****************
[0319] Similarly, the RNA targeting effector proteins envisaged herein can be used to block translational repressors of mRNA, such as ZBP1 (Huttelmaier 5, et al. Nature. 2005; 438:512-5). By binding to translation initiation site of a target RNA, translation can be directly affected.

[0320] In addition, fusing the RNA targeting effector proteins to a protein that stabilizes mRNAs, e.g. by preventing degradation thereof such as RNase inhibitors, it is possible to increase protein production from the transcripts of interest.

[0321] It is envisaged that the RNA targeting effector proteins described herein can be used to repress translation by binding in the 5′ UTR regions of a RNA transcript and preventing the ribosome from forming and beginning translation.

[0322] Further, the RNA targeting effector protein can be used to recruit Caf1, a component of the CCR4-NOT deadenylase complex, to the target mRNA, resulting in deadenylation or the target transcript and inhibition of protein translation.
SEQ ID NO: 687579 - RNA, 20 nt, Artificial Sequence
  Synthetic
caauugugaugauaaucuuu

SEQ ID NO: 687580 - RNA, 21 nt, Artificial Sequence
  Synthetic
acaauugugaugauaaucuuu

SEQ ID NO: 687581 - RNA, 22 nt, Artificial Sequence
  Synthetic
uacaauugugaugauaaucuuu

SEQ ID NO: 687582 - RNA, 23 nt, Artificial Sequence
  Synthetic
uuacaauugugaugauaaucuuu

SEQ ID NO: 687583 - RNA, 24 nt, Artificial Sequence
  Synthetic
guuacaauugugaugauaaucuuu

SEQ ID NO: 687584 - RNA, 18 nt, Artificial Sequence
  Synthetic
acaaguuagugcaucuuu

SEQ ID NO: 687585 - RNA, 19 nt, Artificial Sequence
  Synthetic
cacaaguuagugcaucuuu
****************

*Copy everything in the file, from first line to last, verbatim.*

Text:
[0319] Similarly, the RNA targeting effector proteins envisaged herein can be used to block translational repressors of mRNA, such as ZBP1 (Huttelmaier 5, et al. Nature. 2005; 438:512-5). By binding to translation initiation site of a target RNA, translation can be directly affected.

[0320] In addition, fusing the RNA targeting effector proteins to a protein that stabilizes mRNAs, e.g. by preventing degradation thereof such as RNase inhibitors, it is possible to increase protein production from the transcripts of interest.

[0321] It is envisaged that the RNA targeting effector proteins described herein can be used to repress translation by binding in the 5′ UTR regions of a RNA transcript and preventing the ribosome from forming and beginning translation.

[0322] Further, the RNA targeting effector protein can be used to recruit Caf1, a component of the CCR4-NOT deadenylase complex, to the target mRNA, resulting in deadenylation or the target transcript and inhibition of protein translation.
SEQ ID NO: 687579 - RNA, 20 nt, Artificial Sequence
  Synthetic
caauugugaugauaaucuuu

SEQ ID NO: 687580 - RNA, 21 nt, Artificial Sequence
  Synthetic
acaauugugaugauaaucuuu

SEQ ID NO: 687581 - RNA, 22 nt, Artificial Sequence
  Synthetic
uacaauugugaugauaaucuuu

SEQ ID NO: 687582 - RNA, 23 nt, Artificial Sequence
  Synthetic
uuacaauugugaugauaaucuuu

SEQ ID NO: 687583 - RNA, 24 nt, Artificial Sequence
  Synthetic
guuacaauugugaugauaaucuuu

SEQ ID NO: 687584 - RNA, 18 nt, Artificial Sequence
  Synthetic
acaaguuagugcaucuuu

SEQ ID NO: 687585 - RNA, 19 nt, Artificial Sequence
  Synthetic
cacaaguuagugcaucuuu